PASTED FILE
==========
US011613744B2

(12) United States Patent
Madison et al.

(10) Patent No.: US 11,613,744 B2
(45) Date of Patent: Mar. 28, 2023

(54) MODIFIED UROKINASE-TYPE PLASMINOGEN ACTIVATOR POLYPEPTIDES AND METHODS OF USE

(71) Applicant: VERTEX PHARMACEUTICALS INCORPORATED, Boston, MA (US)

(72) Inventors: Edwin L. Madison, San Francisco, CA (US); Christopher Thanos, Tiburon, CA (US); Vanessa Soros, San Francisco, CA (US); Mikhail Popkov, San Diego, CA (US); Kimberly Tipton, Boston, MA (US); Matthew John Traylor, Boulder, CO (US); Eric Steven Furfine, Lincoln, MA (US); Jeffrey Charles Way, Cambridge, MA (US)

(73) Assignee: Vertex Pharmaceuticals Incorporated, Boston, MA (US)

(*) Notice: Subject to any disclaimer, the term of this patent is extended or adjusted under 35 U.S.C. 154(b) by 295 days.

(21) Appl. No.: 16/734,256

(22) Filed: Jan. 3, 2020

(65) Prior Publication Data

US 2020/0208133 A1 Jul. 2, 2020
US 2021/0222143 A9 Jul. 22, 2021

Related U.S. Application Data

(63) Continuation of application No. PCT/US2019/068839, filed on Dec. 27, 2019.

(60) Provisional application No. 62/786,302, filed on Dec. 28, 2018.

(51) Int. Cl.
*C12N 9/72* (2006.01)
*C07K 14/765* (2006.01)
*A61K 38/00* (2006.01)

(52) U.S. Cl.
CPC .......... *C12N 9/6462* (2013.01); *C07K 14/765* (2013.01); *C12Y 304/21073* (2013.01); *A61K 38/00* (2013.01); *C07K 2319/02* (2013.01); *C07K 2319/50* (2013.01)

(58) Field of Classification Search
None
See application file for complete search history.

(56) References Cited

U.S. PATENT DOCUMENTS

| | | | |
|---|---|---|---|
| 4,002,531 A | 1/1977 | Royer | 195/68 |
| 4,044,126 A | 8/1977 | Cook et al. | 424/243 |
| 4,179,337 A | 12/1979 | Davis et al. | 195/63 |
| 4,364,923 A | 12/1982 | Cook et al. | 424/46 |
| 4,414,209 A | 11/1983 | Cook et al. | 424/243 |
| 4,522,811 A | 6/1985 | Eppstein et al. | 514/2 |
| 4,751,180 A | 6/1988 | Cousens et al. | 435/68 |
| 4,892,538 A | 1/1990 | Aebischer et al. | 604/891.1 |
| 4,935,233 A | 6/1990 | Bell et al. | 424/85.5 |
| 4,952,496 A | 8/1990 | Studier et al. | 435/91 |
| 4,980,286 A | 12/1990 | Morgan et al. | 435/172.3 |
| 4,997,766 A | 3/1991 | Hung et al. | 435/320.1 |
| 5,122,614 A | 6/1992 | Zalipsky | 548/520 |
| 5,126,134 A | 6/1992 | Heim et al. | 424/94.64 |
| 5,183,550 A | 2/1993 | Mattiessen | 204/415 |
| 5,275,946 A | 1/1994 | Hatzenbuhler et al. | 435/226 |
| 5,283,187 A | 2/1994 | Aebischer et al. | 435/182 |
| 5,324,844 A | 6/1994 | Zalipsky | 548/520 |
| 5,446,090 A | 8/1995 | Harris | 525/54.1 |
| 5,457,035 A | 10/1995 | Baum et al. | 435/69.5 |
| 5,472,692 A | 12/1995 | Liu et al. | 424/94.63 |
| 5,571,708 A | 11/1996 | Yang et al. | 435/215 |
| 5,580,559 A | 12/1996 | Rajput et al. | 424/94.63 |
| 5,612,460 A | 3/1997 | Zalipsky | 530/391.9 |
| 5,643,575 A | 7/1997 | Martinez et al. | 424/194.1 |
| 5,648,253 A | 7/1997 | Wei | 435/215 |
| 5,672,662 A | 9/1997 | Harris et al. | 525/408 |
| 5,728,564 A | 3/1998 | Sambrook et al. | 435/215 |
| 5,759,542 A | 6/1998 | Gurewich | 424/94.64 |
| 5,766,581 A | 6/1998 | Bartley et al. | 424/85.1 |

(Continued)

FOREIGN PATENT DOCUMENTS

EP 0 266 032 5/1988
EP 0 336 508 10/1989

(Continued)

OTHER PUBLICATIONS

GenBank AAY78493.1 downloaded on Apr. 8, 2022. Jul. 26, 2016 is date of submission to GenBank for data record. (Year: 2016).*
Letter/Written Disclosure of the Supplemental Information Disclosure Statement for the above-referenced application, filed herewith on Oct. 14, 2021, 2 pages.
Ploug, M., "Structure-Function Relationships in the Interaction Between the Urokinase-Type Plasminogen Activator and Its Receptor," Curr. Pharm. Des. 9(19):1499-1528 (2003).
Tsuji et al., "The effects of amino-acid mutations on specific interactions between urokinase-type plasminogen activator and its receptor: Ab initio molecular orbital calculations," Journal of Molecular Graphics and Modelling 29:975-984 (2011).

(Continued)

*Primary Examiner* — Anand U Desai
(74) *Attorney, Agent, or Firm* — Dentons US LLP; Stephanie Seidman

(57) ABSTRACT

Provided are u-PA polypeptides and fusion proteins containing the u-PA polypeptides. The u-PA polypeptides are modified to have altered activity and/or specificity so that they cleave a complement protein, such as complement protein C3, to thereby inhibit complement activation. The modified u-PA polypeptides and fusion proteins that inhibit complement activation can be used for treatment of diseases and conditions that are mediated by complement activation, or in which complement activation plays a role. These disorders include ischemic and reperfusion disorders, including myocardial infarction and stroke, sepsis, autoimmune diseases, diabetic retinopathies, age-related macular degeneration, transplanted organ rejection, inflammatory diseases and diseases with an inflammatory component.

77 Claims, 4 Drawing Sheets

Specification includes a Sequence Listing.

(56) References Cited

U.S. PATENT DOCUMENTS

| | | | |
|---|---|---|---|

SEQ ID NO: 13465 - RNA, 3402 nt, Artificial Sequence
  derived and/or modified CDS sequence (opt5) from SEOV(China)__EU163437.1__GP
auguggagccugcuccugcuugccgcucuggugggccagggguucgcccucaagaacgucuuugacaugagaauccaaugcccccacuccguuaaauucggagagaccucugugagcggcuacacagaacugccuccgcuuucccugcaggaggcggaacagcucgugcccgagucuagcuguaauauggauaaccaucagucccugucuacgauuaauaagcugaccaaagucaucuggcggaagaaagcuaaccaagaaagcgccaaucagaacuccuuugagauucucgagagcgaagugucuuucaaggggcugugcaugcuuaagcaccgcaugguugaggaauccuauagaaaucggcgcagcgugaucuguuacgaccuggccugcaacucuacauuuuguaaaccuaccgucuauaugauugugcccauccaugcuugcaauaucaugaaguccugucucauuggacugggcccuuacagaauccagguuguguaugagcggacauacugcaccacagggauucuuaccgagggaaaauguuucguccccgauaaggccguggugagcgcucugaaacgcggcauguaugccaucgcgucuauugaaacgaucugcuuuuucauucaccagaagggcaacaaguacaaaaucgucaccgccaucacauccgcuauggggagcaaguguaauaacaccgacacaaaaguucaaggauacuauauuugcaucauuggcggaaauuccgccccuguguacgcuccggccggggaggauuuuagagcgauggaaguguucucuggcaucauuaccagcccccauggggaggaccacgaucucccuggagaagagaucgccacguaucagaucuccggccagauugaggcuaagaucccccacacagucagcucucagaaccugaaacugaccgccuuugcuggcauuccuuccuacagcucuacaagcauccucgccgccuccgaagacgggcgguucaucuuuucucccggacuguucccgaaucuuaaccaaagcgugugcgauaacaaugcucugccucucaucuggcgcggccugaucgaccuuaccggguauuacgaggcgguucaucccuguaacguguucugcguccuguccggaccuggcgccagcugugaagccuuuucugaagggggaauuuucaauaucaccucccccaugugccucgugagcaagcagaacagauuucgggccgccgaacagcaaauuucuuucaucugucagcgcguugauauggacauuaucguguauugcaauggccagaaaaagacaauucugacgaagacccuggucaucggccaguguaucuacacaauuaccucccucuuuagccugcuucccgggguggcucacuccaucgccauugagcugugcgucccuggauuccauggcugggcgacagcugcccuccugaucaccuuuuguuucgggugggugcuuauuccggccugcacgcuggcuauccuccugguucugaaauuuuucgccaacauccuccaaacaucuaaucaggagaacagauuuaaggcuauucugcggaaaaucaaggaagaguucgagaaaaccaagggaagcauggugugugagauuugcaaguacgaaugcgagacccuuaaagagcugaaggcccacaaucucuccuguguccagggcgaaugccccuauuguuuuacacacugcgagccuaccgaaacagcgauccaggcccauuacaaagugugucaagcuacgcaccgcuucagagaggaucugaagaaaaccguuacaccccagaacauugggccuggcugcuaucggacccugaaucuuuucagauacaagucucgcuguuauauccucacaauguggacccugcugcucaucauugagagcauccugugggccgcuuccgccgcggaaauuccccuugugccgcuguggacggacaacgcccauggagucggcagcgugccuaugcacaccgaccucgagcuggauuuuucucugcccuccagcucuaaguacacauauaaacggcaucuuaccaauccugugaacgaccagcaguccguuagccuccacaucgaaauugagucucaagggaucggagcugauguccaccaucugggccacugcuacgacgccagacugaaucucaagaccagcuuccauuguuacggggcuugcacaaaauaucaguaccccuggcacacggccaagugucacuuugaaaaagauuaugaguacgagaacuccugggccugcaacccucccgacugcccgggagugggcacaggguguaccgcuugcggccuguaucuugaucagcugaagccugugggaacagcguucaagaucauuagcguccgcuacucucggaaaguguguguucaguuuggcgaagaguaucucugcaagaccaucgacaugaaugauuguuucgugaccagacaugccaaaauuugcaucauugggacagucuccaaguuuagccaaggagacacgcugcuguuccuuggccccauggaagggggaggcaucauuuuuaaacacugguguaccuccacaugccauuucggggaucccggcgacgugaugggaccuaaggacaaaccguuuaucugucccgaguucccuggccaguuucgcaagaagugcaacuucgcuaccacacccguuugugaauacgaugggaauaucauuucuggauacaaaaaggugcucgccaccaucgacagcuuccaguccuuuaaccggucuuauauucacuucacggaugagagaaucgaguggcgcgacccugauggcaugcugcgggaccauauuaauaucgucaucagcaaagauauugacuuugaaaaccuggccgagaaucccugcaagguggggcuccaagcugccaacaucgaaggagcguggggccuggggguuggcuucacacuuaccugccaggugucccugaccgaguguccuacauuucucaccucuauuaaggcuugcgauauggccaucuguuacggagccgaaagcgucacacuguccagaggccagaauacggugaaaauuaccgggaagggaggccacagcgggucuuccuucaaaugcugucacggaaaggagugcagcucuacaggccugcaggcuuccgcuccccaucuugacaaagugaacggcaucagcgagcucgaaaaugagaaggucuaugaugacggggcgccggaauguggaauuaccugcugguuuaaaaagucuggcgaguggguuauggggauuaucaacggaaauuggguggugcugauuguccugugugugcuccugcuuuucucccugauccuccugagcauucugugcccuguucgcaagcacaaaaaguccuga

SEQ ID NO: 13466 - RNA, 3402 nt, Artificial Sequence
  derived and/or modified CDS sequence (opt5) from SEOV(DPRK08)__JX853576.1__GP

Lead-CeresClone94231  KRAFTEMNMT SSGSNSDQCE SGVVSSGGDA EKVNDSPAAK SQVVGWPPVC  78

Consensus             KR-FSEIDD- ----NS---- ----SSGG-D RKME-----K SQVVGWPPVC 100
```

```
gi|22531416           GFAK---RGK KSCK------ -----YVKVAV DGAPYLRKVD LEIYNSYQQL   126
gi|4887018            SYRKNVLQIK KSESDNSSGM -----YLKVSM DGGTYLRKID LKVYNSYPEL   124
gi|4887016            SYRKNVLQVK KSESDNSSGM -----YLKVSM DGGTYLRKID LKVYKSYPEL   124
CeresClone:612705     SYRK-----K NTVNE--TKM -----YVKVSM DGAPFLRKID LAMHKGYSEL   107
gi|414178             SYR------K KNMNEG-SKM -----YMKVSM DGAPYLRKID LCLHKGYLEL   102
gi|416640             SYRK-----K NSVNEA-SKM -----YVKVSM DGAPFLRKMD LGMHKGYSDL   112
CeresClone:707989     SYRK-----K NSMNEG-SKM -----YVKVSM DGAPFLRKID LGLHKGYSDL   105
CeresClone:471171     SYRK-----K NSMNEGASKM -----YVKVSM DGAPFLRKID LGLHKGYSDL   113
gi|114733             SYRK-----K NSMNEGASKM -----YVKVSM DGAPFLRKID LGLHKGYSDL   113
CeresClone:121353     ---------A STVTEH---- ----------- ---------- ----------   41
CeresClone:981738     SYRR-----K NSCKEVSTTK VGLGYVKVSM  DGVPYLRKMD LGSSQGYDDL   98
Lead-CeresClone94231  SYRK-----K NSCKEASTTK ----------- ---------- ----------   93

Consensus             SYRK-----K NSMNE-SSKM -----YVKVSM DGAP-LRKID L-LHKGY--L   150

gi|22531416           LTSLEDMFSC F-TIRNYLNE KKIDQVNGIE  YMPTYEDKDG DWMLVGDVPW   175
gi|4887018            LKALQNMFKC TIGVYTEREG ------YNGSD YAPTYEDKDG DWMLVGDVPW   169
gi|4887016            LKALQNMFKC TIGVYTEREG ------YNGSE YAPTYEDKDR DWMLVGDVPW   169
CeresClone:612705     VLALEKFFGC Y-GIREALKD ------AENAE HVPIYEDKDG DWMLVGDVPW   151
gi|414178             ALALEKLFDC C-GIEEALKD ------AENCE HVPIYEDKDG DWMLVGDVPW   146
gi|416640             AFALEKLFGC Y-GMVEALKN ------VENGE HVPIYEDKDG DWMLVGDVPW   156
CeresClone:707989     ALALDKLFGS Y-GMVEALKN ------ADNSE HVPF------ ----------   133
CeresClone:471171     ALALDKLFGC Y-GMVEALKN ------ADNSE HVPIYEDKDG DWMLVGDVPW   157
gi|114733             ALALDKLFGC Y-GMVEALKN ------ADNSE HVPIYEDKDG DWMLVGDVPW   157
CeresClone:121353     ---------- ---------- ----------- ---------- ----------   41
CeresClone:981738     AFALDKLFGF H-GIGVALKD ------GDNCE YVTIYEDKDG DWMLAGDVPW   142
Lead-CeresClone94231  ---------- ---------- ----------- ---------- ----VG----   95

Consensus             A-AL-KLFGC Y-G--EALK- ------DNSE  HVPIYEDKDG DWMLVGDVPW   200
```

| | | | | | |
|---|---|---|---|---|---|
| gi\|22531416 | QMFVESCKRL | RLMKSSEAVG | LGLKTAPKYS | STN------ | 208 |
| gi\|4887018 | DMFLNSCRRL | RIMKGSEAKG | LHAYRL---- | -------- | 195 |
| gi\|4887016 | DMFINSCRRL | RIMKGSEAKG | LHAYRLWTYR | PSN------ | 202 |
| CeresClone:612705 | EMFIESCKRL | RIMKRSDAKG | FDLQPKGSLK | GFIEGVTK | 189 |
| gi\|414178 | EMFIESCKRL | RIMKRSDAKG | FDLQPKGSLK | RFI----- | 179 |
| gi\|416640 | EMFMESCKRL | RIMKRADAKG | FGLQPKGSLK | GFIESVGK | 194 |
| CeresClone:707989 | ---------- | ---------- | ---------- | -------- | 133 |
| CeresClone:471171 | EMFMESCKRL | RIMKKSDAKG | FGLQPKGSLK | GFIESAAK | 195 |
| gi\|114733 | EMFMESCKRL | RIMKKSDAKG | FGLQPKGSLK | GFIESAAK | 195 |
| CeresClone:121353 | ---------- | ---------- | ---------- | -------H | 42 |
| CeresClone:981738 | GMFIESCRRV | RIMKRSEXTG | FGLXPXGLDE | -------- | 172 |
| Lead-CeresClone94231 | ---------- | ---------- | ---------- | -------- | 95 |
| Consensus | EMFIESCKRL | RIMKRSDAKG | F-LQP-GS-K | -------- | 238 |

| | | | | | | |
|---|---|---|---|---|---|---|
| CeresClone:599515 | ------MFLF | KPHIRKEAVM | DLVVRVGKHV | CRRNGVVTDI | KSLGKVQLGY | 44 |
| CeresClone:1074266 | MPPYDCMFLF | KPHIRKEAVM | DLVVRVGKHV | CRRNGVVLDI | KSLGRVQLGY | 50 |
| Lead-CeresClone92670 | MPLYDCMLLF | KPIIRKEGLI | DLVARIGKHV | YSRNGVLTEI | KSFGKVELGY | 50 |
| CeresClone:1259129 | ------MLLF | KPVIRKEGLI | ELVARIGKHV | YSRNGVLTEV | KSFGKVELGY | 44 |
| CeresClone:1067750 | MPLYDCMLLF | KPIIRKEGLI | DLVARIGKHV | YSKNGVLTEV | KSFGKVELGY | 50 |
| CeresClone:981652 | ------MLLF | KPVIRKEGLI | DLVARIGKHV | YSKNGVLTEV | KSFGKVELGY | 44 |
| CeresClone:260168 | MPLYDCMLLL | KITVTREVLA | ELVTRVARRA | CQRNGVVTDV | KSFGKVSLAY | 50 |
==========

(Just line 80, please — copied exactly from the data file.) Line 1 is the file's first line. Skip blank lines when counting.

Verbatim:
U.S. PATENT DOCUMENTS